We ended up going to time with him ahead on life, and me unable to change that in my final turn.

0-1

Game 2:

This was against the group’s resident youngster who was running a Justice League team supported by Global Clayface.

I wasn’t going to use my little surprise against her fielded characters.  I did attack regulary, removing her non-Sidekick characters (temporarily) with Madame Webs to force her to block with Sidekicks to try to thin her field.  It didn’t actually work all that well.

She waited until she had enough characters in her field to total 20A, then swung with everything.  She didn’t consider that I had plenty of characters to block with.  I ended up KOing her entire field while losing almost nothing of my own.

When my next turn started, I had 20A in my field, and her field was empty.  Maybe I should have cautioned her about that not terribly well advised attack, but considering we were the last game in the round still going, and I suspected we were getting close to time, I decided to let her learn the lesson the hard way.

1-1

Game 3:

Up against Jourdo’s Orbital Strike team.

He knew about the Madame Web/Ivy global combo and wasn’t eager to leave his character dice around to be stolen.  That meant he was leaving his field empty a lot.

The dice didn’t favor him on the Orbital Strikes he got in, and eventually I had 20A available to send rampaging through his empty field.

2-1

Game 4:

Unofficial bonus round against our visiting Edmontonian.  (Not that official or not really carries much weight around these parts.)

He had the Batwoman that can’t be blocked when she attacks with a Villain, and Utility Belts to buff her A when she came through.

He had an unblockable Batwoman hit me for 6, but shortly theeafter he had only two character dice in his field.  I had a L3 Madame Web in mine, and fielded a L3 Doppelganger to become a second L3 Madame Web.  That took his only potential blockers out of the equation, and I had enough other attackers to get to lethal.

3-1

Post-Mortem:

This week, it’s much more about the combo, than about the team as a whole.

So what’s the verdict on the combo?

It’s a parlor trick.  It’s a good parlor trick, but only that.  It’s much more effective as a deterrent than an actual tactic.  Jourdo left himself wide open in our game because he was overly concerned about it being used against him.

But consider this – in only one of 4 games, did I actually take an opponent’s die from the field and remove it from the game.  And the game where I did that was the only game I lost on the night.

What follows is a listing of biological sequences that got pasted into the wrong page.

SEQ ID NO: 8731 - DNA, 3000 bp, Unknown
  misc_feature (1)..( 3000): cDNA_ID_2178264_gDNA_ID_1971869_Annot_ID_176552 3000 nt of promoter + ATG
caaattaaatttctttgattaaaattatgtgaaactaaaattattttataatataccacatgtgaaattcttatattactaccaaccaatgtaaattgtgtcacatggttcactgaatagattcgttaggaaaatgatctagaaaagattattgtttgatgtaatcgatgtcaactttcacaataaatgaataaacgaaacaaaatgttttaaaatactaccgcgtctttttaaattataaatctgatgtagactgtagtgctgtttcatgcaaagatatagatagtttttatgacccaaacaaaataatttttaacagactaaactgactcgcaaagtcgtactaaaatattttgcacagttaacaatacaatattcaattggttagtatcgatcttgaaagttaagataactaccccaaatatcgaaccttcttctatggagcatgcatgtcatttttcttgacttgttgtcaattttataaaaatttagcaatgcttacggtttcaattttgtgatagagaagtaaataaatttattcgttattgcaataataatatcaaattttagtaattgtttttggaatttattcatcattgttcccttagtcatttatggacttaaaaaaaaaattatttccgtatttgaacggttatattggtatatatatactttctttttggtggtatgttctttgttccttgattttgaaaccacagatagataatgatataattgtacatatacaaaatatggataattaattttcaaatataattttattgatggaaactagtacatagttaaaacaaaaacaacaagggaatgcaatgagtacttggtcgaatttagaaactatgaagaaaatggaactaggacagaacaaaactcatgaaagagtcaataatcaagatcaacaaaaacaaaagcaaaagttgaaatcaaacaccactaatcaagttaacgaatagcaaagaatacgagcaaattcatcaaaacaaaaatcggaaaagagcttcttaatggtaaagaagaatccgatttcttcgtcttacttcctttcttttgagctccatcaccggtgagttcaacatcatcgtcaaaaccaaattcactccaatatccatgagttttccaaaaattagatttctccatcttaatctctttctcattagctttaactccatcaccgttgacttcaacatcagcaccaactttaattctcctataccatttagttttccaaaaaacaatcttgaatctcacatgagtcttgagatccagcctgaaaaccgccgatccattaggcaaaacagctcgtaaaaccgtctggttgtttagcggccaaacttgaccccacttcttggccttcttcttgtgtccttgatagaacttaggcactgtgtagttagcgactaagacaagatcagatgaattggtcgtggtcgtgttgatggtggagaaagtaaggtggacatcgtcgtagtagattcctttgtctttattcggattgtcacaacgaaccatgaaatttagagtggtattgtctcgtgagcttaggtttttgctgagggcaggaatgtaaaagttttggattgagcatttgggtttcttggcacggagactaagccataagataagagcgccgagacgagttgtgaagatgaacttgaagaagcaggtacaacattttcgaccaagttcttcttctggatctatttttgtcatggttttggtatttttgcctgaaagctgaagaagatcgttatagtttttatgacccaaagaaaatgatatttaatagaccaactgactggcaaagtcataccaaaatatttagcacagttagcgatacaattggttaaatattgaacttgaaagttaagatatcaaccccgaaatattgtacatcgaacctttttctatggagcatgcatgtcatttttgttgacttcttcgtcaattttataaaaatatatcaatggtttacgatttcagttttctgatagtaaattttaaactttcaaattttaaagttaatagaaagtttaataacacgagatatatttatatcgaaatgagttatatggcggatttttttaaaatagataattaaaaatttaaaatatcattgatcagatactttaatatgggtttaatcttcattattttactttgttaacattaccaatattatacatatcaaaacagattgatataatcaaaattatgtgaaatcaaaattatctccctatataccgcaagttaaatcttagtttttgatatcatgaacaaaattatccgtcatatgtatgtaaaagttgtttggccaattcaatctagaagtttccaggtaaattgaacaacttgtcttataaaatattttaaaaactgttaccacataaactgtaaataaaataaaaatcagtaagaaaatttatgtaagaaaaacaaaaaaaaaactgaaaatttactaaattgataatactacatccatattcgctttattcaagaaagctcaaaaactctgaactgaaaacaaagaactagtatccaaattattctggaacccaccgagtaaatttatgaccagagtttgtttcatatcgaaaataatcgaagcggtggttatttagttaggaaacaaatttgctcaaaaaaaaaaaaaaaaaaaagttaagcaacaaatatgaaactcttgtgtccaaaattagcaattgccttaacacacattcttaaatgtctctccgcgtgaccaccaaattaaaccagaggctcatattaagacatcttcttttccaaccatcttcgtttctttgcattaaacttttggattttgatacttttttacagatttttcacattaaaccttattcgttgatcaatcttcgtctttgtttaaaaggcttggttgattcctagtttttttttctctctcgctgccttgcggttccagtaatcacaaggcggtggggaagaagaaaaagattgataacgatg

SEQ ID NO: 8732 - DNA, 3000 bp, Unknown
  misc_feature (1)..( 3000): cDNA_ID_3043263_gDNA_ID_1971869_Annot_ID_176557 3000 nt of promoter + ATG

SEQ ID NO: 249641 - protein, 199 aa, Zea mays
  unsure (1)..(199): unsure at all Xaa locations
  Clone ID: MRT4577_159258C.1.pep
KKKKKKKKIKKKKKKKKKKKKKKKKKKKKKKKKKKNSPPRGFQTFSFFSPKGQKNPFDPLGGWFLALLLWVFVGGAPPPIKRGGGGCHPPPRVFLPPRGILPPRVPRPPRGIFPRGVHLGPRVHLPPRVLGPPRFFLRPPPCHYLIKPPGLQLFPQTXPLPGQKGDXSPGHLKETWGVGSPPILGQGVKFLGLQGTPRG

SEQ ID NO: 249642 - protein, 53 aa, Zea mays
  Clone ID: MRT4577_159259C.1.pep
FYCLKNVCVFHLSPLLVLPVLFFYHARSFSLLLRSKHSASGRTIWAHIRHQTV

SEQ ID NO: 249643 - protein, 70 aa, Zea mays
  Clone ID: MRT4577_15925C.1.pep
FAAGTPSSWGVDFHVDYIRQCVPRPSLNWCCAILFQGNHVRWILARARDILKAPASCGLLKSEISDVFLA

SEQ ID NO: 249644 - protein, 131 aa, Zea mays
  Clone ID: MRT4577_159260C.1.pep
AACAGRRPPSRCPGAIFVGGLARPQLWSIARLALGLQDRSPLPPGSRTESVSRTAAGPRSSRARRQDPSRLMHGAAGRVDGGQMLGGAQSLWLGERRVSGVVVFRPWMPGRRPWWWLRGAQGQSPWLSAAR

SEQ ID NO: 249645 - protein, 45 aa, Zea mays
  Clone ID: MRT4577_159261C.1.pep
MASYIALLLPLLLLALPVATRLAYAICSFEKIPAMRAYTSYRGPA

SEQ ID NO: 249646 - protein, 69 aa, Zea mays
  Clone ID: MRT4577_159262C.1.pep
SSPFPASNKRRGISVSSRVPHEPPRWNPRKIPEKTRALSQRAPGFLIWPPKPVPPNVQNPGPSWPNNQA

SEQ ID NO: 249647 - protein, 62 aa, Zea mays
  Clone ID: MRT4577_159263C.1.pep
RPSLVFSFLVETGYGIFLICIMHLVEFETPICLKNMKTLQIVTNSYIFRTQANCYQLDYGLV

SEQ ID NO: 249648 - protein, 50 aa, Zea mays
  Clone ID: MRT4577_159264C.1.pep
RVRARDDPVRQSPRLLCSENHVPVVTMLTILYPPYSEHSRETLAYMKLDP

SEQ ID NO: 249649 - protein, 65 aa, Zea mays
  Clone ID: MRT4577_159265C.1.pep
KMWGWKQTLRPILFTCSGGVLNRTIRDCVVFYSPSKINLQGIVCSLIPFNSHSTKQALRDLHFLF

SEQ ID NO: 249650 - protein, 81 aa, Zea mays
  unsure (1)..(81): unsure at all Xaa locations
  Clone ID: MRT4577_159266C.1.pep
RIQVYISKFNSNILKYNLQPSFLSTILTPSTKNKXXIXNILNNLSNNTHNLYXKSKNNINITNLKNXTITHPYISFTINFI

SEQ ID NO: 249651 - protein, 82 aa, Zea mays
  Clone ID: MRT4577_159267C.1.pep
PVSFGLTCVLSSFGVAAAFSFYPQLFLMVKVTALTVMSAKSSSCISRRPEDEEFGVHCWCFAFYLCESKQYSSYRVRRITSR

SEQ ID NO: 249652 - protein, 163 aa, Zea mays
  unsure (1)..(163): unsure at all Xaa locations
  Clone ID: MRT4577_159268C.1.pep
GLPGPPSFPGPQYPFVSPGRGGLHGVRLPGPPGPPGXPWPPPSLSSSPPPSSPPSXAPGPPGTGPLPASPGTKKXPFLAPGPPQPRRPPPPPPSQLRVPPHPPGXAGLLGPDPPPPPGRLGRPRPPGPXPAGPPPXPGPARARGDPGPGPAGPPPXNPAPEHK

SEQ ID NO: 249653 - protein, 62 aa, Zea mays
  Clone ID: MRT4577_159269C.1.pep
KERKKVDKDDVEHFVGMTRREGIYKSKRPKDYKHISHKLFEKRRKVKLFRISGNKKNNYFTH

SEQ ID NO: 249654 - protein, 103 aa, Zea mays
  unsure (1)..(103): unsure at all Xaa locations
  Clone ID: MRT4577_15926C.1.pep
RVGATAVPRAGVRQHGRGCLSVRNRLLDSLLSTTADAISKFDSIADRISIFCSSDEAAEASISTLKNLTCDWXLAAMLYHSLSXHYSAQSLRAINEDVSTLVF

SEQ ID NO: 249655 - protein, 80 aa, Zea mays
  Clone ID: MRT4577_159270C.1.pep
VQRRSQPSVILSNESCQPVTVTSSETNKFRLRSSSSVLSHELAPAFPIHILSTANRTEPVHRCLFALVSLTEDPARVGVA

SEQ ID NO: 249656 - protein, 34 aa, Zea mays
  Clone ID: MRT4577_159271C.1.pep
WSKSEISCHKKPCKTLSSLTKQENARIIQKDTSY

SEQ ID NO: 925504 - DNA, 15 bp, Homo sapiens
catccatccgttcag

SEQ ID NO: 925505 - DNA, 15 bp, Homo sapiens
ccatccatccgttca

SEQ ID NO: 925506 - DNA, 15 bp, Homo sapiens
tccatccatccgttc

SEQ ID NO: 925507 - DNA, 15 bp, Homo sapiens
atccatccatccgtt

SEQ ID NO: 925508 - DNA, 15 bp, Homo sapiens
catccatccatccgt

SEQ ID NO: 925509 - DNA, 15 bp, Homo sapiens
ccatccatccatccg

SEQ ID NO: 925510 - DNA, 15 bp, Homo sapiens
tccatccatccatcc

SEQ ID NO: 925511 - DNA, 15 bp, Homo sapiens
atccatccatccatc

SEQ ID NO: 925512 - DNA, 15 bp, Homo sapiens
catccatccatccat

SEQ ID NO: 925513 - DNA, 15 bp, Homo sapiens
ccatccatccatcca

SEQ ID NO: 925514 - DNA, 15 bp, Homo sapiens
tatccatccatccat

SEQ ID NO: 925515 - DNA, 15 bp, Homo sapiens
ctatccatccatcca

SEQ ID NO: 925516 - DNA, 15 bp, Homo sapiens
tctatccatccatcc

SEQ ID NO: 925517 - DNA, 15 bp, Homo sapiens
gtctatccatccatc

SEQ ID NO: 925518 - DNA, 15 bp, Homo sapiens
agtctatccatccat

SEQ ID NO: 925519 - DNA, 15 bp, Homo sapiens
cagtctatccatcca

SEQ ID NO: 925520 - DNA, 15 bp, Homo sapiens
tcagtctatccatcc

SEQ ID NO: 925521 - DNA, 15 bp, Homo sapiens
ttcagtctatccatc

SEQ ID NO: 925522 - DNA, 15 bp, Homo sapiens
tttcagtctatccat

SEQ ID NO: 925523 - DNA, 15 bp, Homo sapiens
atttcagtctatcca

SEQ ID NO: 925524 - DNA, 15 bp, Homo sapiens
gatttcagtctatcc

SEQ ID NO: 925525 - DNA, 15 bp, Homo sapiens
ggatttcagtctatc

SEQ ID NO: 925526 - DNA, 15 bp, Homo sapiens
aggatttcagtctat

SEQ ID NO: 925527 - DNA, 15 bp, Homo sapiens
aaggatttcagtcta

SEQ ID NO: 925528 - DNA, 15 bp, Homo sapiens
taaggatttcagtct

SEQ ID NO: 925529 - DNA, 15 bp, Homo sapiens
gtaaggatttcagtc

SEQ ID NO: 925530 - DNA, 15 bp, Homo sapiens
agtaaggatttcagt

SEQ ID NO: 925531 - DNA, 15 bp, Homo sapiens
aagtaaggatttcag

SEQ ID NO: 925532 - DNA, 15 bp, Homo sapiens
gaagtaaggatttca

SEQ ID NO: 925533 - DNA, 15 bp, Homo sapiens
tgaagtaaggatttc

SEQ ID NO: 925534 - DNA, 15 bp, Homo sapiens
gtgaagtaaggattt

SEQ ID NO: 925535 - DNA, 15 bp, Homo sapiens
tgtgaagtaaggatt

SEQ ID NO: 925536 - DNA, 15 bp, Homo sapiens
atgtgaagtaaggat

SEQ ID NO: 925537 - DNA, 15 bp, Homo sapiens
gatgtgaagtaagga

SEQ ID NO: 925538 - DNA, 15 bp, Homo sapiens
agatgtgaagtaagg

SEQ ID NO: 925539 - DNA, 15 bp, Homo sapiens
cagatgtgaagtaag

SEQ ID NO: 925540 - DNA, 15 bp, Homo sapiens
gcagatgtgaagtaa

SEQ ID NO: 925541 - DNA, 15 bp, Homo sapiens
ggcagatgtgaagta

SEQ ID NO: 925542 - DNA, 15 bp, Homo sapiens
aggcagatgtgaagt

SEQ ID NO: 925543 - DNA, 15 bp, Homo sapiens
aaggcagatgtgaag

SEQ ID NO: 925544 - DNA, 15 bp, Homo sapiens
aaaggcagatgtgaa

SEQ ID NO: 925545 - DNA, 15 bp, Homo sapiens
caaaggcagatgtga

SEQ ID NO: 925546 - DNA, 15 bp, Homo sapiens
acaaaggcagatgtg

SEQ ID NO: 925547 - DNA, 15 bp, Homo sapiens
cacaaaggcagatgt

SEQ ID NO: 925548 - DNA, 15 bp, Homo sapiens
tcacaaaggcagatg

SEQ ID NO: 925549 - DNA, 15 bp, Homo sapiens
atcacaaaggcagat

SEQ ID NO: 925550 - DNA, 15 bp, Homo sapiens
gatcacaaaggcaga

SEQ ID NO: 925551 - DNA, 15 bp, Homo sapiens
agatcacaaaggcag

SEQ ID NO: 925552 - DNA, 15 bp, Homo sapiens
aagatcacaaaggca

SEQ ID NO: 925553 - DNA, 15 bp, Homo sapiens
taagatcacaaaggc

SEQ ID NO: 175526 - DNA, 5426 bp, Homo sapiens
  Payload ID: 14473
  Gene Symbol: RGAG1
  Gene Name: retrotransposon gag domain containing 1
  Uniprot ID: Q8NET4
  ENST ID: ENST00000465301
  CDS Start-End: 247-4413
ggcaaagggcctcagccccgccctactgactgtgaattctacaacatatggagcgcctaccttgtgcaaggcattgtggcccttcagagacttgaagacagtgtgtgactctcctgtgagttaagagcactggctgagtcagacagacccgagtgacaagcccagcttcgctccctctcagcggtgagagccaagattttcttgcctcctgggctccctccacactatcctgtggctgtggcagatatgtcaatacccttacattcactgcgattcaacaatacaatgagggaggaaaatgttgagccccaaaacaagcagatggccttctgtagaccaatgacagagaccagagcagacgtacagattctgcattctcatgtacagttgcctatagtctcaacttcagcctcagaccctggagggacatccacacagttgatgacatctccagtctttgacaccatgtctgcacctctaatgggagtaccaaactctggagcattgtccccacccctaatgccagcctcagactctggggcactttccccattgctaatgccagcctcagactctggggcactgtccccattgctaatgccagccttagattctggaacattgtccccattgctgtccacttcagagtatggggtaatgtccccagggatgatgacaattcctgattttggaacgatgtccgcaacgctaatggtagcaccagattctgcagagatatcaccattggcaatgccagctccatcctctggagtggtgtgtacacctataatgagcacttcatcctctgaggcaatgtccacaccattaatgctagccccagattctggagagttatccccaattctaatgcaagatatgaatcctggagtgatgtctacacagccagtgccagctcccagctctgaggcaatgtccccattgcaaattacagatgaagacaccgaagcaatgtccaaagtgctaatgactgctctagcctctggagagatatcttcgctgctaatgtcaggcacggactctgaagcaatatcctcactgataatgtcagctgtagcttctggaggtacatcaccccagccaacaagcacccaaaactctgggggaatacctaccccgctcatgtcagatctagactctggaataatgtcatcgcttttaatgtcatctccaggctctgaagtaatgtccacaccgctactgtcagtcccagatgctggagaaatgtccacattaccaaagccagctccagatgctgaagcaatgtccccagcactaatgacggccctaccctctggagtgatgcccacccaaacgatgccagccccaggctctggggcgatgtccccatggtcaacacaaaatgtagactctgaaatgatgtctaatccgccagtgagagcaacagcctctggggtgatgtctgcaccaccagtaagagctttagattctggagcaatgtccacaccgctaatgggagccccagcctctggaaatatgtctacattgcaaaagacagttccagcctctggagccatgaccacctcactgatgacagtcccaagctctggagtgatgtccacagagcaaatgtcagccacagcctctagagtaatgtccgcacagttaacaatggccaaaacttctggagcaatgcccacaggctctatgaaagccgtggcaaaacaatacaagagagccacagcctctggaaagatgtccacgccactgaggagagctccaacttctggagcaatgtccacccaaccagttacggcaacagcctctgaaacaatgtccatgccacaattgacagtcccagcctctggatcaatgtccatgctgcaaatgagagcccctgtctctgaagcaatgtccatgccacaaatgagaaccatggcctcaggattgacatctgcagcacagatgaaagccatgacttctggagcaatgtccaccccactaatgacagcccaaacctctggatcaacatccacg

(As an aside, on the impact of the Ivy global, I want to note that, not once, in any of my four games, did my opponent bother to use the Ivy global on one of my dice.)

The combo is just removal.  Removal with teeth and on steroids, perhaps, but only removal.  And Removal is not a win con.

On to the legal wrangling.

First, I submitted a question to the WizKids rules forum about this matter on March 15.  Well, technically it was about this card:

but if it’s legal for Billy Club it should be legal for Madame Web and Vice Versa.

I think the biggest stumbling block for most people is going to be conflating dice on the card because they’ve never been purchased with dice on a card because they’ve been place there by a game mechanic, in this case Madame Web.  Is that the same thing for not being the last die on the card for the purposes of Ivy’s global?  If it’s not, can I still attack with two Madame Web dice, move two dice from the opposing Field Zone to her card, and then use the Ivy global on one of those dice?

I don’t know for sure, and I don’t think anyone else does either.  I’d love to get answers from WizKids, but they have a long history of giving answers when they feel like giving answers, and not before.

At out local scene, while there was some dissent, the general consensus was ‘The way everything is worded, the combo does work’.  There was perhaps an undertone of ‘something here is worded poorly and needs to be errata’d’ but for now, our group, at least, is treating this combo as legal.

So do you think the Madame Web – Poison Ivy global combo described article described in this post is legal or illegal?  Why or why not?  Please let us know in the comments.

Thanks for reading, and Happy Rolling!

Son of L